You have talked about the nation needing a commitment to addiction research similar to the Cancer Moonshot currently being led by Joe Biden. Can you explain why such a commitment is necessary?
I think what I should say is that we need a “Mars Shot.” I am saying that to point out the slow pace of improvements in clinical care in behavioral health. We are several decades behind most other diseases in both research and improvement of our care strategies. I came to Carrier after 15 years on the acute care side of things at AtlantiCare. I see the lack of research, science and clinical trials available in behavioral health. We are still using tools from 20 years ago.
Why is addiction medicine treated differently than other areas of medicine?
Prior to Prohibition, we did consider addiction to be a brain disease. Then Prohibition introduced the concept of “willfulness.” And later we had a strong dose of “Just Say No.” That thinking hurt us in philanthropy and in research dollars. We are still recovering from the stigma 80 years later. In the drug and alcohol field, we accept that there will be multiple relapses. In what other disease would multiple relapses be accepted? We expect that if you go in for heart surgery you will get better and go back to your normal life. Because I was acutely aware of the lack of science, we have multiple clinical trials at Carrier. They include the FDA-approved Nexalin device, which creates a frequency waveform that affects key brain structures involved in resetting the hypothalamus function to decrease relapse potential in early recovery. We are researching wearable devices that can identify when the person in recovery is getting into risky situations. Psychosocial treatment is not enough for everyone. We also are working with Press Ganey to identify more of the science behind compassion so that we can hire, train and treat more effectively.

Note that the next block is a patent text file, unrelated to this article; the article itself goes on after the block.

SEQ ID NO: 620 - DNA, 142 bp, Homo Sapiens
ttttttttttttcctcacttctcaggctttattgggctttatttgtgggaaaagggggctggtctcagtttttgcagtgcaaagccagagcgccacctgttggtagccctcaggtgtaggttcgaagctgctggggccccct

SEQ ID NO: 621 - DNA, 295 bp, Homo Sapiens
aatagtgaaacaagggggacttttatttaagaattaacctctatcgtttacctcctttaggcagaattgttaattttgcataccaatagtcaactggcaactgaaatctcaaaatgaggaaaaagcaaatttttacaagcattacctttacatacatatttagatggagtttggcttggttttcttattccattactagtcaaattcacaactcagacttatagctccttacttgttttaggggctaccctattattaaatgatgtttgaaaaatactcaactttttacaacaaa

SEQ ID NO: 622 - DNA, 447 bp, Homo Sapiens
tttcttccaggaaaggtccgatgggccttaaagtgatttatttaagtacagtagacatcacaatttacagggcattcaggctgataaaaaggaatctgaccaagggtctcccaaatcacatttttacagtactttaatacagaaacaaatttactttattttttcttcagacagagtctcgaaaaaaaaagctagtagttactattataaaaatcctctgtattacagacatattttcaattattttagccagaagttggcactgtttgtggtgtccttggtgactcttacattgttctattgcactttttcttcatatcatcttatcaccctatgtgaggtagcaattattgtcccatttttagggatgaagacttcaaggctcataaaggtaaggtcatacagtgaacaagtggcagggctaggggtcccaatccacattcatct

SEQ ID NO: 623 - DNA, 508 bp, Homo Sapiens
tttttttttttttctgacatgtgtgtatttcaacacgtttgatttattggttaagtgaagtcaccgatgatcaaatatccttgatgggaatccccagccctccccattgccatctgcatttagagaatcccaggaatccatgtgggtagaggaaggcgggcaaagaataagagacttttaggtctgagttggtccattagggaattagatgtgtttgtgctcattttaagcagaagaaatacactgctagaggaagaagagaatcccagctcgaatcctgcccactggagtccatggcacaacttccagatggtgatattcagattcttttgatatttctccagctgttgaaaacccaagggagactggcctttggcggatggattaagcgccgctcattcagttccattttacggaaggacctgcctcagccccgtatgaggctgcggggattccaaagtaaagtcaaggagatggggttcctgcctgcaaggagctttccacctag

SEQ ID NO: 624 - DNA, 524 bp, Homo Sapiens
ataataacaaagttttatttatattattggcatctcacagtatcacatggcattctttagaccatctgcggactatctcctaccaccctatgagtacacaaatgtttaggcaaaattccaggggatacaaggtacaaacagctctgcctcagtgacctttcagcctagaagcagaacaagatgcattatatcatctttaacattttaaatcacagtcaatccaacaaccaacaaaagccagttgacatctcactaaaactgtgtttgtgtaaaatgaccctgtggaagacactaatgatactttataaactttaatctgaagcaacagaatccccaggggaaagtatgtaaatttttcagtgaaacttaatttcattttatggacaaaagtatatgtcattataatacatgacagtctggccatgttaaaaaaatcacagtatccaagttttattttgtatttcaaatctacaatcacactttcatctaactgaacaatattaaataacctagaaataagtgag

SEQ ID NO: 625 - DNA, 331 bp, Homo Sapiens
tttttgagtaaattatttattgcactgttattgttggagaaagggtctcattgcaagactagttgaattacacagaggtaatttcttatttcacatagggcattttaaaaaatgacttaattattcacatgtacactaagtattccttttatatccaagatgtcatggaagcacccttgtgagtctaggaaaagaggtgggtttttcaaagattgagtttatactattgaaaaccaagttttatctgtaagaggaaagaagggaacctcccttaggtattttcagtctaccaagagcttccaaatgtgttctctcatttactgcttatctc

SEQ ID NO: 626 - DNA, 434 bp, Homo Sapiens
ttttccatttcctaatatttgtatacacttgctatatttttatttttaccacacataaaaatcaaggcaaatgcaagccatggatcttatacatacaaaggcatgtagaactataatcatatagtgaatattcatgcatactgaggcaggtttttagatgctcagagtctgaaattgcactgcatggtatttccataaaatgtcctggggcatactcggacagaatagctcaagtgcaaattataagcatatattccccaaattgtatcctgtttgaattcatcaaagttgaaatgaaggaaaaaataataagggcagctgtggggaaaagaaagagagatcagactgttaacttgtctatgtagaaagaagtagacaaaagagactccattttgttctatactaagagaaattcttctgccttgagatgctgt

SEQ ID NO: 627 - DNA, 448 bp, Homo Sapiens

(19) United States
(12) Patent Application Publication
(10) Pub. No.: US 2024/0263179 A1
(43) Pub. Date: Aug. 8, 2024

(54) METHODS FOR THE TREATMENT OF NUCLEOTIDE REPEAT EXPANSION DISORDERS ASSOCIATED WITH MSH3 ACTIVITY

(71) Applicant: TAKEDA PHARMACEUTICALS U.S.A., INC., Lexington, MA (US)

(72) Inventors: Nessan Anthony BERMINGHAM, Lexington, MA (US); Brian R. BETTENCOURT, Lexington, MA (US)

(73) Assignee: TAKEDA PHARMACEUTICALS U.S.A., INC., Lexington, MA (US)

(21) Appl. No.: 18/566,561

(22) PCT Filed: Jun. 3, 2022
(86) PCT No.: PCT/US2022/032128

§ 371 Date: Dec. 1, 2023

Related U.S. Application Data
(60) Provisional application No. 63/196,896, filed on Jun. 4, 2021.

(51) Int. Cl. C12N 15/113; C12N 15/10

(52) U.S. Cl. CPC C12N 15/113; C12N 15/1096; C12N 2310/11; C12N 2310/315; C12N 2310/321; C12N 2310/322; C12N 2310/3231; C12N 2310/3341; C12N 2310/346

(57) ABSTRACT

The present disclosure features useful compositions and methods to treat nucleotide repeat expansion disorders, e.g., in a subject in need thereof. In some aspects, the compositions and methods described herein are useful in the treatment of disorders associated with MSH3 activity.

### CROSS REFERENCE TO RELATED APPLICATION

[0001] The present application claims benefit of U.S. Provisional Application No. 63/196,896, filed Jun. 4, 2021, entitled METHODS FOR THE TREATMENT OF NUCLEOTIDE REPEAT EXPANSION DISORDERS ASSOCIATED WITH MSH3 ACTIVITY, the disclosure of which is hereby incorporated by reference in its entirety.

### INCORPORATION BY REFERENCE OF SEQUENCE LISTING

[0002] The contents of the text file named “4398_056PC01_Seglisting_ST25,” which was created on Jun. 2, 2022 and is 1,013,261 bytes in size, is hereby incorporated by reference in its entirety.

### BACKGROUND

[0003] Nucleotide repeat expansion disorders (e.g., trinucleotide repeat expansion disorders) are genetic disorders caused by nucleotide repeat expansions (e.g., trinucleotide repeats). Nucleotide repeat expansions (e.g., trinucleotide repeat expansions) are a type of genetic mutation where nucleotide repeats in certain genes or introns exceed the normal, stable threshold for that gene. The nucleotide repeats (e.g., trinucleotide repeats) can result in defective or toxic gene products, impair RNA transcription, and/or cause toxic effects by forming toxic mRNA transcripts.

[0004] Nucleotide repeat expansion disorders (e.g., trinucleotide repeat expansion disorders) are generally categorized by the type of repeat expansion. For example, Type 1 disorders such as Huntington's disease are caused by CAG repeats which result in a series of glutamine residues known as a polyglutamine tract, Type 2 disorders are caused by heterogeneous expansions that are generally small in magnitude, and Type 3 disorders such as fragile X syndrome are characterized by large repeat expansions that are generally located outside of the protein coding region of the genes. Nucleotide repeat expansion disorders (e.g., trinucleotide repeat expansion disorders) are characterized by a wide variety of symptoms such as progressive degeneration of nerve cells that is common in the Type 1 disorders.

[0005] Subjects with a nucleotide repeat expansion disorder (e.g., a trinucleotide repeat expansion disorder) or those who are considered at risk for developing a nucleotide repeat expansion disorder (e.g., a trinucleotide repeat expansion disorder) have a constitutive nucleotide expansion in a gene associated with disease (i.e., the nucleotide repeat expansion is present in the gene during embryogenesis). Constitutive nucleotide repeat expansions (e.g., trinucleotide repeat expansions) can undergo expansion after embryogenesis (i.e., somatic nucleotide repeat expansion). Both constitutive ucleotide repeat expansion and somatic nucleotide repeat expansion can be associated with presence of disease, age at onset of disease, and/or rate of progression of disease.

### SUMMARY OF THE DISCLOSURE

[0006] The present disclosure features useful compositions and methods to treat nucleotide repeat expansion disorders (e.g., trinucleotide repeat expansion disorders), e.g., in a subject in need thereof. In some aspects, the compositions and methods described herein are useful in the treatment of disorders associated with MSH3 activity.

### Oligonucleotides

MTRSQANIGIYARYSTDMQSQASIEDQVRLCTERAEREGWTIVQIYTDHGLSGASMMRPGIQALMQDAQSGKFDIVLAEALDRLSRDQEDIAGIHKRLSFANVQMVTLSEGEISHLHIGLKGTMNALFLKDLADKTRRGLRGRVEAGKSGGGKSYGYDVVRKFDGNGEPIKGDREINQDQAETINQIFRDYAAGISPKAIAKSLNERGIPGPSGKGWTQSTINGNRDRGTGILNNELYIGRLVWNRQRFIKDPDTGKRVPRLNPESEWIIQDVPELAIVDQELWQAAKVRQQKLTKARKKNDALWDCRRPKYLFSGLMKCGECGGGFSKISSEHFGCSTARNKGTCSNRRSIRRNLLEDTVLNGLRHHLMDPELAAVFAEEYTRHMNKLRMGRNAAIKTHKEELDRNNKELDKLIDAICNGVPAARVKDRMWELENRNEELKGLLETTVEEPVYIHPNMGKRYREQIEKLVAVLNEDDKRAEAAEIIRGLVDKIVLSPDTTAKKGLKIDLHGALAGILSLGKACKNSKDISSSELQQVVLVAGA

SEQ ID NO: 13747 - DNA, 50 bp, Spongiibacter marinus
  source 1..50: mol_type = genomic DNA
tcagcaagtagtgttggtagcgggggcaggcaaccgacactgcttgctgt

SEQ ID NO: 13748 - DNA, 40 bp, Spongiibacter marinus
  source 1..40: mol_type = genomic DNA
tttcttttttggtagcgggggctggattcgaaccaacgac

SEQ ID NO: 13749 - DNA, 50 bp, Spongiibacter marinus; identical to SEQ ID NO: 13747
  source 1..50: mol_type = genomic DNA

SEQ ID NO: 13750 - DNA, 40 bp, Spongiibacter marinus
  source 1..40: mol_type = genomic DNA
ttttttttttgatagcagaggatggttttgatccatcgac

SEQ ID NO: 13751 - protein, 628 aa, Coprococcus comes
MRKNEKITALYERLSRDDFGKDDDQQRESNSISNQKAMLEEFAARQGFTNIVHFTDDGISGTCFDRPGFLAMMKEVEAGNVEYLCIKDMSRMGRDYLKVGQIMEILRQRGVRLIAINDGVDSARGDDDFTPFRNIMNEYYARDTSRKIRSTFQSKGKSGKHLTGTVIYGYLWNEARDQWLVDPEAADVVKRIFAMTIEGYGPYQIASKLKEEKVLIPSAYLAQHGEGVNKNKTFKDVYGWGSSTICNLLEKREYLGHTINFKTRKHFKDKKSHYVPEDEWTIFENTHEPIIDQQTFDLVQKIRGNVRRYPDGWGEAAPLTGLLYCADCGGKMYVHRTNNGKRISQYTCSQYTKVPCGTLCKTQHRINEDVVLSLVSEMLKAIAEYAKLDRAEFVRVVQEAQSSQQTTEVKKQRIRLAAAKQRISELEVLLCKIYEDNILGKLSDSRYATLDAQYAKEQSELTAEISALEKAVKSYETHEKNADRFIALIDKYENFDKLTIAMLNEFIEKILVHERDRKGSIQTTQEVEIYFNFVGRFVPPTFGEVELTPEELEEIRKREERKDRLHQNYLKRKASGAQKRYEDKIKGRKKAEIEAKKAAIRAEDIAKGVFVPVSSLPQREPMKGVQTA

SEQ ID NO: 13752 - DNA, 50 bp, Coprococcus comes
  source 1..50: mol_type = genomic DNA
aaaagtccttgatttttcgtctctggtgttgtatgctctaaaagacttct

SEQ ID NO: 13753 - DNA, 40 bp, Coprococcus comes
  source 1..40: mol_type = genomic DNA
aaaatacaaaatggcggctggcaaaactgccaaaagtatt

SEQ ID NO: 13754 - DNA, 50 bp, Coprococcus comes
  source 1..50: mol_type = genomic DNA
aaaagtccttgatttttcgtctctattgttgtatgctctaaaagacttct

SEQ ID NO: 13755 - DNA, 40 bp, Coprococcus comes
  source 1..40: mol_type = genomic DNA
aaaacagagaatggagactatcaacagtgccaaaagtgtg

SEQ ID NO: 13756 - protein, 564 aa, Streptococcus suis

What do you think about Gov. Christie’s plan to limit initial opioid prescriptions to five-day supplies?
I want to say that we are very proud the governor has taken a stand for patients who have been marginalized and stigmatized. The governor also wants to create more beds for patients in need of addiction services. That’s great. We absolutely need more beds. I am not sure whether there ought to be five or seven day limits in prescribing opioids. I don’t think a law should be a substitute completely for clinical judgment. I am very pleased the Governor wants people to be insured during acute episodes when they need care. You want to treat people when they are ready for treatment. We’ve got to get better at delivering the right level of care at the right time and at the right price. We don’t want the cost of behavioral health treatment to create an undue burden on insurance premiums and on the overall cost of healthcare.
How will possible changes in the health insurance landscape affect addiction treatment for people in New Jersey?
A long-standing Federal regulation called the IMD exclusion does not allow Medicaid to be used for private community-based alcohol and addiction residential facilities, such as ours. Every day we turn people away because Medicaid covers them. This is true even though we are willing to accept what Medicaid pays. Governor Christie has asked Medicaid for a waiver to the IMD exclusion, which would give more treatment options to people covered by Medicaid. And as we add beds I hope we can add detox beds for people covered by Medicare. As we restrict opioid prescribing, I foresee elderly people who have been treated for pain for years with opioids seeking detoxification and treatment. But elderly people often can be more difficult to treat because they have co-morbidities and take more medicines. At Carrier, we only have four federally approved beds certified to treat Medicare patients. I believe the total number in the state is quite low and not enough to treat the future demand.
Can you tell us what prompted you to seek a career in addiction medicine? What was your path?
Early in my career I ran a detention center and a shelter and I saw a lot of addicted kids. My first wife died of acute alcoholism. I had personal experience and professional experience that guided me in the addiction field. About 20 years ago, I moved over to acute care where I worked at AtlantiCare. When I retired from AtlantiCare I wanted an encore career and an opportunity to have significant impact. I have been able to bring my experience in acute care to bear on my work in behavioral health today. I am happy to be able to return to my “roots” as a Clinical Social Worker.